Since last spring, I’ve been aware of efforts to construct an international trade association for private, non-bank safe deposit box facilities. As recent as last week I discussed the subject. In a January 26, 2016, follow-up post on that series about the 1980s U.S. private vault boom, I blogged:
Something else I came across I wanted to discuss separately was a statement made by then-president of the National Association of Private Security Vaults, Rick Drummond. David C. Scott reported in The Christian Science Monitor on January 12, 1982:
As banks reorganize to meet the demand for large safe deposit boxes, the fledgling private vault industry is organizing itself. The National Association of Private Security Vaults was formed six months ago and now claims a membership of “over 100,” including equipment manufacturers.
One of the goals of the association, according to president Rick Drummond, is to set up standards for the industry. By setting up accreditation standards, it hopes to stave off restrictive legislation and prevent fly-by-night operations from getting into operation. The concern is that if a crooked operation were set up, the whole industry, still in its infancy, would be damaged.
(Editor’s note: Bold added for emphasis)
I don’t know the fate of the National Association of Private Security Vaults (folded during the bust?), but I would think Drummond’s ideas- a trade organization setting up accreditation standards in an attempt to stave off restrictive legislation and combat fly-by-night outfits- might still resonate among some (many?) in the U.S. private vault industry today. Globally even? It would be interesting to hear/read the opinions of vault operators on this matter.
I haven’t received any opinions (to date), but I was informed of the recent launch of the Safe Deposit Federation, “a self-regulating federation of independent safe deposit box companies” (hat-tip U.S. Private Vaults and Glasgow Vaults). From the SDF’s website (“About Us” page):
The federation was setup to raise the standards of safekeeping facilities and ensure clients exacting standards and requirements are met.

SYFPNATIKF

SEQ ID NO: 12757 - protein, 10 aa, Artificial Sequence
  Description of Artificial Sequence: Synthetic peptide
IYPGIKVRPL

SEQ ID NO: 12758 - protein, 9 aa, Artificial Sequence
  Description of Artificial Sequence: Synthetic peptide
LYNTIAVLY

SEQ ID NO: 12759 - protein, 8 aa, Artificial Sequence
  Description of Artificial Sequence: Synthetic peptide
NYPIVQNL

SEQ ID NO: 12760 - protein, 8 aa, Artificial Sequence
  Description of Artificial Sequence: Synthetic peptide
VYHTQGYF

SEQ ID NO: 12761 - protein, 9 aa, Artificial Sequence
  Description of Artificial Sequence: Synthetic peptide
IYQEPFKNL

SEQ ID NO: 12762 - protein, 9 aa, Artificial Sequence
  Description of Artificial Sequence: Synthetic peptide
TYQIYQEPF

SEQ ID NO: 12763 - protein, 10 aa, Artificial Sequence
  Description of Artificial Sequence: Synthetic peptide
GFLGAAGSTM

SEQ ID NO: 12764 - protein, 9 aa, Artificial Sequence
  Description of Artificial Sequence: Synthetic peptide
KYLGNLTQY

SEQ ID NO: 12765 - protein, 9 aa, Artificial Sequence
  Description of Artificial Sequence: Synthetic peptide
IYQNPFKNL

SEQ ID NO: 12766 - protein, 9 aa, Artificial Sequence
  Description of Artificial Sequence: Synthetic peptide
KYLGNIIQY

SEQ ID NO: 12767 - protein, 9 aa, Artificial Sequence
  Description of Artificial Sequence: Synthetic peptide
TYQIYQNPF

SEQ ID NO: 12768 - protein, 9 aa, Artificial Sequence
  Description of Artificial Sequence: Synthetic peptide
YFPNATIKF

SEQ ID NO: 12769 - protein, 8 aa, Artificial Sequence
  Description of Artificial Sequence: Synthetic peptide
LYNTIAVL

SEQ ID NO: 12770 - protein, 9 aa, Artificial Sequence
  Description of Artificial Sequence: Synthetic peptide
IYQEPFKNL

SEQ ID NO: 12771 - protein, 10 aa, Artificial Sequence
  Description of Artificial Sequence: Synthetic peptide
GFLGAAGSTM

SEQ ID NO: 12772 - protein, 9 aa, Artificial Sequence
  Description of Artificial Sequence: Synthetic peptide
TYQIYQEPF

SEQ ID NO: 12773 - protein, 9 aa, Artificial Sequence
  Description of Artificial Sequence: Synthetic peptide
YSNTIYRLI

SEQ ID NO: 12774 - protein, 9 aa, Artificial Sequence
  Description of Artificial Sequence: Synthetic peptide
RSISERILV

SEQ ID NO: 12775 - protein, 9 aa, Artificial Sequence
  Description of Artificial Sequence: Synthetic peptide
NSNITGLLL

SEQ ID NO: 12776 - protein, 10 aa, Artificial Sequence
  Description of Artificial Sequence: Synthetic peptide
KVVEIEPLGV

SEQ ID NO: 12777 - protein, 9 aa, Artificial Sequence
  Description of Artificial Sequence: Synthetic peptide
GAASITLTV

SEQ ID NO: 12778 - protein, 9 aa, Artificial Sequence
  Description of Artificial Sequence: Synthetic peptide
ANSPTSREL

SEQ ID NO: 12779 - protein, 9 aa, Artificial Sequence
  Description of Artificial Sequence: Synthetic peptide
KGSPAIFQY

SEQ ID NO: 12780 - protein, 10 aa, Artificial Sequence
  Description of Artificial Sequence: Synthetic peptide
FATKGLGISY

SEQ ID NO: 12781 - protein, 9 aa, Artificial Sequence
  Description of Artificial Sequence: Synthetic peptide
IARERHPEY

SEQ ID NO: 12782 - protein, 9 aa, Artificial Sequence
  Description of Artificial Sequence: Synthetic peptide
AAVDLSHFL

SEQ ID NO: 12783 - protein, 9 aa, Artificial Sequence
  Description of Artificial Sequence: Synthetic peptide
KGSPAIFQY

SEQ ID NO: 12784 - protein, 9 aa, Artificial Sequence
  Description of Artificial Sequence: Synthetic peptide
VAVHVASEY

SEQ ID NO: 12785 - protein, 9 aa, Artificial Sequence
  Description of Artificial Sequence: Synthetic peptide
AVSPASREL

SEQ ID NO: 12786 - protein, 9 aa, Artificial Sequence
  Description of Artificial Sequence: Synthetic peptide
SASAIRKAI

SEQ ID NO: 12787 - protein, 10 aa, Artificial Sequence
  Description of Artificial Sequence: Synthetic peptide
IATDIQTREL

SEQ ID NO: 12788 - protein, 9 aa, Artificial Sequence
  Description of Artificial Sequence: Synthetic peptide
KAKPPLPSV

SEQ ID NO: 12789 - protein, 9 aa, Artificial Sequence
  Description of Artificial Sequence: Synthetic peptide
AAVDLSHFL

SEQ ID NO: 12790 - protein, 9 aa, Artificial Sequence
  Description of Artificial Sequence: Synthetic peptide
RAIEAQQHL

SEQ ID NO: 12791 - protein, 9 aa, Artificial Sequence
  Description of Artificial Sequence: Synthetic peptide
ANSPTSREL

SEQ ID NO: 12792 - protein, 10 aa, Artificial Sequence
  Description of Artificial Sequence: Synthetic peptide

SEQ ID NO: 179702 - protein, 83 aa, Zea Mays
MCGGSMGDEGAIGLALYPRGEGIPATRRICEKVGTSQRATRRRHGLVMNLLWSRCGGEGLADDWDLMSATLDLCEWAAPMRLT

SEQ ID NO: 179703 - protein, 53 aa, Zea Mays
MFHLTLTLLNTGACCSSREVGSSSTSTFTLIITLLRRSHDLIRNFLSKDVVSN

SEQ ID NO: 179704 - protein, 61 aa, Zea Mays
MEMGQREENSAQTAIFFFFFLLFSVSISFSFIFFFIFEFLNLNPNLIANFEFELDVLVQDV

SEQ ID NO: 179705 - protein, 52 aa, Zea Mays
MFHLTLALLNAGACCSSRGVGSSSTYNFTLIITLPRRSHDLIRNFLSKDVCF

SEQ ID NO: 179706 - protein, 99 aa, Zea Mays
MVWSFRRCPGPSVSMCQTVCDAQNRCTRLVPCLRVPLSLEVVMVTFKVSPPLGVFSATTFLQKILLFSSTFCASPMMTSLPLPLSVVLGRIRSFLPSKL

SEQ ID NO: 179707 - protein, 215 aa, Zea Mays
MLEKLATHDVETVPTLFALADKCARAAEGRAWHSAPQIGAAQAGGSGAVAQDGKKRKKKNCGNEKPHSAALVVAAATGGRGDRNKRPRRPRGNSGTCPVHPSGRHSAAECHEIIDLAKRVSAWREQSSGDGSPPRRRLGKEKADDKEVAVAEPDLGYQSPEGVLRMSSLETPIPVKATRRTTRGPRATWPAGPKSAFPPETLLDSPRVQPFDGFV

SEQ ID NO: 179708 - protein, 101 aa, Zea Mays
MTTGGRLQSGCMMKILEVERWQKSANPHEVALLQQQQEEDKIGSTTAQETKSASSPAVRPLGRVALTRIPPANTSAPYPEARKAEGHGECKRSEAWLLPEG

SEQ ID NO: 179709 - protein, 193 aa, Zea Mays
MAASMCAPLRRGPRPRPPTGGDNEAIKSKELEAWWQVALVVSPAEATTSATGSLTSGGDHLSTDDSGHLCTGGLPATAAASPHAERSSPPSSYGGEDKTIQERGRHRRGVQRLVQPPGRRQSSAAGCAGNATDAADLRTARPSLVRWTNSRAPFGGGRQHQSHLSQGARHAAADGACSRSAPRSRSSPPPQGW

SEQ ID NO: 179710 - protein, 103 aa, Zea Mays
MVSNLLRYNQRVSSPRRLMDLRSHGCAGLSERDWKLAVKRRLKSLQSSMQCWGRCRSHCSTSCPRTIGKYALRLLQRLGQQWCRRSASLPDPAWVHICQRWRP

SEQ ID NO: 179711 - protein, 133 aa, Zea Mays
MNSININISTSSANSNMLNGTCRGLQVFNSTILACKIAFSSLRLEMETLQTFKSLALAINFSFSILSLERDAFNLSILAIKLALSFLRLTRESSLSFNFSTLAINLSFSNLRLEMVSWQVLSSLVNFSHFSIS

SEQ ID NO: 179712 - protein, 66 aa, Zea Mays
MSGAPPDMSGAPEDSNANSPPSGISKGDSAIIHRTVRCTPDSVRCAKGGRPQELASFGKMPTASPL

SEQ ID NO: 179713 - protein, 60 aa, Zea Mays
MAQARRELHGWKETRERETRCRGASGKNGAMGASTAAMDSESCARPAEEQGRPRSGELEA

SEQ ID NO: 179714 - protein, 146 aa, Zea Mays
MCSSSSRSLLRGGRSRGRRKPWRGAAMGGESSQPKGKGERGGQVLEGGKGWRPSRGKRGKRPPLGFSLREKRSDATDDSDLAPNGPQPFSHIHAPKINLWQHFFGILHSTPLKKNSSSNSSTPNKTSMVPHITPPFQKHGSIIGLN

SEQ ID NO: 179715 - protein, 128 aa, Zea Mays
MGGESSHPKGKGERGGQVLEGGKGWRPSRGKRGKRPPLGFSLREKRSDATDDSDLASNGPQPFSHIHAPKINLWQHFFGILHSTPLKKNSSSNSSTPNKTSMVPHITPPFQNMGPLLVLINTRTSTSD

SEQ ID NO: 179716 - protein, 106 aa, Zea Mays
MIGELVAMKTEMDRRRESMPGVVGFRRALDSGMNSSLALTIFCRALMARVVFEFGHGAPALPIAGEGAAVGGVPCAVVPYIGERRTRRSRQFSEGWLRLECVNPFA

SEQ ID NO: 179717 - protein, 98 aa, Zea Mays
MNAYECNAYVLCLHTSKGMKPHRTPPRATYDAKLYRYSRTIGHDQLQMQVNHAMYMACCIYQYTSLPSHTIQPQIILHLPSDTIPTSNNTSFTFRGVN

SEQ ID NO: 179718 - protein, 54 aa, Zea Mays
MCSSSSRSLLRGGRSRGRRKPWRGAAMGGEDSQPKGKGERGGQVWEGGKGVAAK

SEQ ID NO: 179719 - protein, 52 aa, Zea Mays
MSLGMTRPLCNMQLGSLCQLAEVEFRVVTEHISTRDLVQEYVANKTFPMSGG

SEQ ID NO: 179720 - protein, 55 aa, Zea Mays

We are the largest federation of safekeeping facilities in the world. The SDF are at the vanguard for setting the high standards in the industry. This means customers can then be assured they will receive only the highest level of service when they visit or register with any of our approved members.
I didn’t see information about current Safe Deposit Federation members on the site, but there’s a rotating banner ad at the top of each web page for “newly approved SDF member” Sovereign Safe Deposit Centres out of Harrow, a suburb of London, England. Readers may recall this private vault was named runner-up for the “World’s Best Offshore Private Vault Video” for 2015 (short program category).
Exactly what’s required of a safe deposit box facility to become a member of the Safe Deposit Federation? Under the section entitled “Criteria For Members”:
The Safe Deposit Federation (SDF) set out and lay down a number of criteria which all member companies must adhere to. This in-turn offers prospective customers the peace of mind they can expect when they register with one of our member companies.
These guidelines cover areas such as:
• Minimum security levels to be provided by member companies.
• Ensure best practice for clients of member companies.
• Guaranteed transparency in all dealings with clients.
• Assure client confidentiality at all times.
• Endorse peace of mind for all clients of member companies.
Other sections on the SDF website include “Starting Safe Deposit Facility?” and a contact page. A number of “Research” and “News” articles are also published on the site.
An interesting development, which you can learn more about by visiting the Safe Deposit Federation website here.
By Christopher E. Hill
Offshore Safe Deposit Boxes (www.offshoresafedepositboxes.com)
(Editor’s note: The above information should not be construed as confirmation of services claimed to be provided or any sort of recommendation. A qualified professional should be consulted prior to making a financial decision based on material found in this weblog. If this recommended course of action is not pursued, then it must be understood that the decision is the reader’s and the reader’s alone. Christopher E. Hill, the creator/Editor of this blog, is not responsible for any personal liability, loss, or risk incurred as a consequence of the use and application, either directly or indirectly, of any information presented on the site.)